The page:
Really our end of the AT&T universe was all the online stuff, I never dealt with the phone people except to laugh at them that they thought their business would last for ever.
The reason you see a lot of business in rural areas that centers around a large volume of incoming calls is because of a practice known as "traffic pumping." It's built around regulations that the Big ILEC's originally bought during the early years of equal access and deregulation, which require the originating LEC to pay a small "settlement" to the terminating LEC in order to cover their costs. In the dense rate centers it's a fraction of a cent per minute, but in rural areas it could be a dime or more.
The original traffic pumpers simply set up shop in these rural areas and allowed calls to terminate there and then they rerouted them to other destinations (often international) via cheap transport, and pocketed the difference.
The newer business models eliminate the expense of sending the call back out over the PSTN. Many of them are "free conference call" services such as http://freeconferencecall.com/ in which everyone dials in, the conference call hoster just bridges everyone together via cheap hardware, and they pocket the settlement fees. There are also some carriers such as http://www.ipkall.com/ which offer you a free telephone number with free unlimited incoming calls, and they send the calls out over the Internet to the SIP server of your choice. I've got two of these numbers. I use one of them to call home from my cell phone, so it doesn't tie up our phone line (or ... I can still get through when the line is busy). The number is in Washington state, but who cares about that when there's no extra charge for long distance on a wireless plan? I use the other number to go straight into the Asterisk IVR.
Now those same ILEC's are whining about those very same regulations, the ones they paid for 15-20 years ago. They're required to terminate *all* calls, even if the settlements are expensive. CLEC's aren't.
That's why when Google or Vonage or other non-traditional CLEC's block access to traffic pumpers, AT&T and Verizon start whining like a bunch of hypocrites about how horrible it all is.
except of course that it ends up costing us money.
people to use.
Only non stupid people can use it.
We can even layer it on top of the existing internet until we can actually pay for our own separate network.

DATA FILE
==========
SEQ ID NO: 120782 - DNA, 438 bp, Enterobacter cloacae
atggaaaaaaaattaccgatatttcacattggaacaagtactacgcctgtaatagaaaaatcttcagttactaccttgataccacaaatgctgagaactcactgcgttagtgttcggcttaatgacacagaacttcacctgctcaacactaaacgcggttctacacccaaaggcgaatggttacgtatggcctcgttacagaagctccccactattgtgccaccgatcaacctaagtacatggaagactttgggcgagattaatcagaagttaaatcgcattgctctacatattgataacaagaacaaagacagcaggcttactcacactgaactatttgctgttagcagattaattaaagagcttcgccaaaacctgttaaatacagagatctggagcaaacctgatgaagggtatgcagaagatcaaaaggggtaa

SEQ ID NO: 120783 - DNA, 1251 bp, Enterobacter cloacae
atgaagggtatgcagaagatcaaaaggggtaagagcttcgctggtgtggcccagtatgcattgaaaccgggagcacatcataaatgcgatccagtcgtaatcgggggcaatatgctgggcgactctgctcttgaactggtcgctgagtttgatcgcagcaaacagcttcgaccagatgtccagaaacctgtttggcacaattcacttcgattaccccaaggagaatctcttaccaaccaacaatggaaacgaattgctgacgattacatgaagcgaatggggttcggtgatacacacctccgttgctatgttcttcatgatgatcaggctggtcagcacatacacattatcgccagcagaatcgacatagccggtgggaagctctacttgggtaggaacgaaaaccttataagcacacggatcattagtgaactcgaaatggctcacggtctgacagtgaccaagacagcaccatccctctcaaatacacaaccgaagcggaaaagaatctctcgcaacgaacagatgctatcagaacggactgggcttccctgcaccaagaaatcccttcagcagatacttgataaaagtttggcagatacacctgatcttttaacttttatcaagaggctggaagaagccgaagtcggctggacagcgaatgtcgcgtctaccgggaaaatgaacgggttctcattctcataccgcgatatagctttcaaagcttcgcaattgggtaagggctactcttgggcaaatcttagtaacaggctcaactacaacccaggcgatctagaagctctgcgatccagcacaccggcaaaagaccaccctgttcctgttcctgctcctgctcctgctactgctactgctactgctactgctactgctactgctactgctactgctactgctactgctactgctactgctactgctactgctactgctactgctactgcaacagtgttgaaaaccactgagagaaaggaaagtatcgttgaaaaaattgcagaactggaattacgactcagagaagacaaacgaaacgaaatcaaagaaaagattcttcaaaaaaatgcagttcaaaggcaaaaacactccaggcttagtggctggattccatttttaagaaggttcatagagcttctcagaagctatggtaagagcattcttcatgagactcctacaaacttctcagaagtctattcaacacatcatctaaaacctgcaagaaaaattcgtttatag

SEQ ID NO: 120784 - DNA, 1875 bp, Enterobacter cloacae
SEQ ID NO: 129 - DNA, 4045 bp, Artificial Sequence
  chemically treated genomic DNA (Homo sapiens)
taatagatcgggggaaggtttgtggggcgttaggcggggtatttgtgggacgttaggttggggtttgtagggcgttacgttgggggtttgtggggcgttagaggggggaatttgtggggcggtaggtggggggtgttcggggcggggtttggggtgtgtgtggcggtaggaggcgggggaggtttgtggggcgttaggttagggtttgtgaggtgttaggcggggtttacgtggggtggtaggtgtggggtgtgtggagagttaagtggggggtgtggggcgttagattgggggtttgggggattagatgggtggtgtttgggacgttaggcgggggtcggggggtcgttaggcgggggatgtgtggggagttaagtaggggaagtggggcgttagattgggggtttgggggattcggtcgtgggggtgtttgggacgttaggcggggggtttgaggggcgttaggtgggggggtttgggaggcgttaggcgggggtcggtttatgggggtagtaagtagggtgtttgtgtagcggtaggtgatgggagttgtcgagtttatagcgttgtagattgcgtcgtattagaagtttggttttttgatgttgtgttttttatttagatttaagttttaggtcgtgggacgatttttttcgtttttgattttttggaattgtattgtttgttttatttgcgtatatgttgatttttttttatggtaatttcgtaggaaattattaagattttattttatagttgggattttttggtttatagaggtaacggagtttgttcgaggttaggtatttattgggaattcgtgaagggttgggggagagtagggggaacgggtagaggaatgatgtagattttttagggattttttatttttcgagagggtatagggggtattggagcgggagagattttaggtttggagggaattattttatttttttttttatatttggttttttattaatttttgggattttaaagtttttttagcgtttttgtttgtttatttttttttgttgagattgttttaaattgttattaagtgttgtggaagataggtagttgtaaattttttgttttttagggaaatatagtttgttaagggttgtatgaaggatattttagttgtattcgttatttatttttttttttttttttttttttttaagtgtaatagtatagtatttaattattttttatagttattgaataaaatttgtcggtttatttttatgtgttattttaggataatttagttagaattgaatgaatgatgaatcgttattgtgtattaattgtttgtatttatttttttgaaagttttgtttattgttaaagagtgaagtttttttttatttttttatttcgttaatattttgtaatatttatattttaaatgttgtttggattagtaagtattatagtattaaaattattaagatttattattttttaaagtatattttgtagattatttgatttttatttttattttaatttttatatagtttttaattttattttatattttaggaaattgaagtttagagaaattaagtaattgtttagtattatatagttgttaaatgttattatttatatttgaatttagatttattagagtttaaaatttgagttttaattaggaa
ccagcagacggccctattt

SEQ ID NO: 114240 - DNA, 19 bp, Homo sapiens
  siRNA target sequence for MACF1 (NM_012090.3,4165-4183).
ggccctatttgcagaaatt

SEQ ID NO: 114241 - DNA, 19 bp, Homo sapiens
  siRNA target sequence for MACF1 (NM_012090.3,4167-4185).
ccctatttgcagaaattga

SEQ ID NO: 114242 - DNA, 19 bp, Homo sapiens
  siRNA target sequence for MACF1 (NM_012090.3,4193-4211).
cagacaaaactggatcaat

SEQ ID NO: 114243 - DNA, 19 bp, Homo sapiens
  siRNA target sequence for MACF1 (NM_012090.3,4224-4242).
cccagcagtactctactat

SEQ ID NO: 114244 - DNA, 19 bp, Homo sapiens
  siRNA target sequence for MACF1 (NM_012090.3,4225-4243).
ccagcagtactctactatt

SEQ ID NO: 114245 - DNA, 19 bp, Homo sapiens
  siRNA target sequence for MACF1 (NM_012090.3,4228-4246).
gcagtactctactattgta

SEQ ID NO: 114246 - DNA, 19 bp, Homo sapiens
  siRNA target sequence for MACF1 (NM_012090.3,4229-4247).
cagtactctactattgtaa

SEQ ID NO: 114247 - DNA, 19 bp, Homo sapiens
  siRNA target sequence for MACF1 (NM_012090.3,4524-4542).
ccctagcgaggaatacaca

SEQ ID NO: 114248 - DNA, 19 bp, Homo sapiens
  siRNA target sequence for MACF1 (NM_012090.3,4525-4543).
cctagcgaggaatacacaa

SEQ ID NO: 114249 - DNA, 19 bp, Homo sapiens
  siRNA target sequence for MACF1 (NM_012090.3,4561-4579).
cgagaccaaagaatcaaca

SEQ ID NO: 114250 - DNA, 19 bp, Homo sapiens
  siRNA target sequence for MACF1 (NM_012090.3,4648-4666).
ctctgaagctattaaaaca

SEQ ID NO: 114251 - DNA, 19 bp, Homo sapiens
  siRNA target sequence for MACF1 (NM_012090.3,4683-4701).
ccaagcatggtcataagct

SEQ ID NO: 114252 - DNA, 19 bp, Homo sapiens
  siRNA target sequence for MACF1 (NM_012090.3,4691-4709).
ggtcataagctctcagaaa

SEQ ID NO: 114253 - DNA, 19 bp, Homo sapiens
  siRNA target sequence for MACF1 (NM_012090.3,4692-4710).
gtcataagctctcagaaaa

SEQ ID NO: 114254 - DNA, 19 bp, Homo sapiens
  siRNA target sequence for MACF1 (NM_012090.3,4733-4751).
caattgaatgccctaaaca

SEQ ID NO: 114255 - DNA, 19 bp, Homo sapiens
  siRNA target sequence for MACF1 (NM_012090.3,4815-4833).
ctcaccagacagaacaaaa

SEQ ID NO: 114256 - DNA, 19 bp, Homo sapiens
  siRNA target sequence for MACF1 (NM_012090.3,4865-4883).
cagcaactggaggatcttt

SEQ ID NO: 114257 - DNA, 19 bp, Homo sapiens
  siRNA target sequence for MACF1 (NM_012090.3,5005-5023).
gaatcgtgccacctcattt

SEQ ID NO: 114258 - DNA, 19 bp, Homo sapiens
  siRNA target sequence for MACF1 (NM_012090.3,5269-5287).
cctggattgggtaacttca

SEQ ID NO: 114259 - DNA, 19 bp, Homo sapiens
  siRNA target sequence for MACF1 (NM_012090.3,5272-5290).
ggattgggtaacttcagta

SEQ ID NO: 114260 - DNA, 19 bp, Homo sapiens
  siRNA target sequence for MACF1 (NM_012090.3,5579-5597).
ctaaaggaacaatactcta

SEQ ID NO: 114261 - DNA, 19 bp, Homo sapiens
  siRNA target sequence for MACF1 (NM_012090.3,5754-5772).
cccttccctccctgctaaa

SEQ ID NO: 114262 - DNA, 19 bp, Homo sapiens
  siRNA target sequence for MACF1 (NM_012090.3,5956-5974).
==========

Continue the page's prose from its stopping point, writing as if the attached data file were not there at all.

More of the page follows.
no one could figure out Mbone or 6bone so maybe the progression:
Ig, any interest? Is there going to be a UCG Gopher site? :)
Now that I think about it, Gopher protocol would have been the perfect way to deploy low-bandwidth, small-screen applications to mobile phones.
1. Part LOGO
2. Part Gopher
3. Part Unix
... in an object-oriented fashion.
This is pretty cool:
Someone created a 'secret knock' door mechanism to unlock a door when it hears the secret knock.
Now that's some geek action there.
Perfect for clubs.. or just someone who forgets their keys a lot.
The only bad thing is if your neighbors hear that without you knowing. But how would they know that you have the knock detector?
Definately someting to look into.
I wonder which came first...
The classic (1979) Remco "Sound FX Machine."
I had one of these. We must have spent hundreds of hours screwing around with this thing. I added a line-out jack to mine so I wouldn't have to be limited to the two inch speaker.
It was based on the Texas Instruments SN76477 chip. A few years later I bought one of those chips (back when Radio Shack was still useful for that kind of thing) and built a better quality unit. That was fun.
Picked up a bluetooth headset. $20 at target.
Pairs up OK, I can use it for phone calls, but that's not why i bought
Can't fucking listen to music through it. That's all I want to do.
Anyone know of any tricks (preferably free) to get this to work? I've
tried a utility called "Freedom" that supposedly lets you do this, but
that only switched between speaker/handset/wired headset.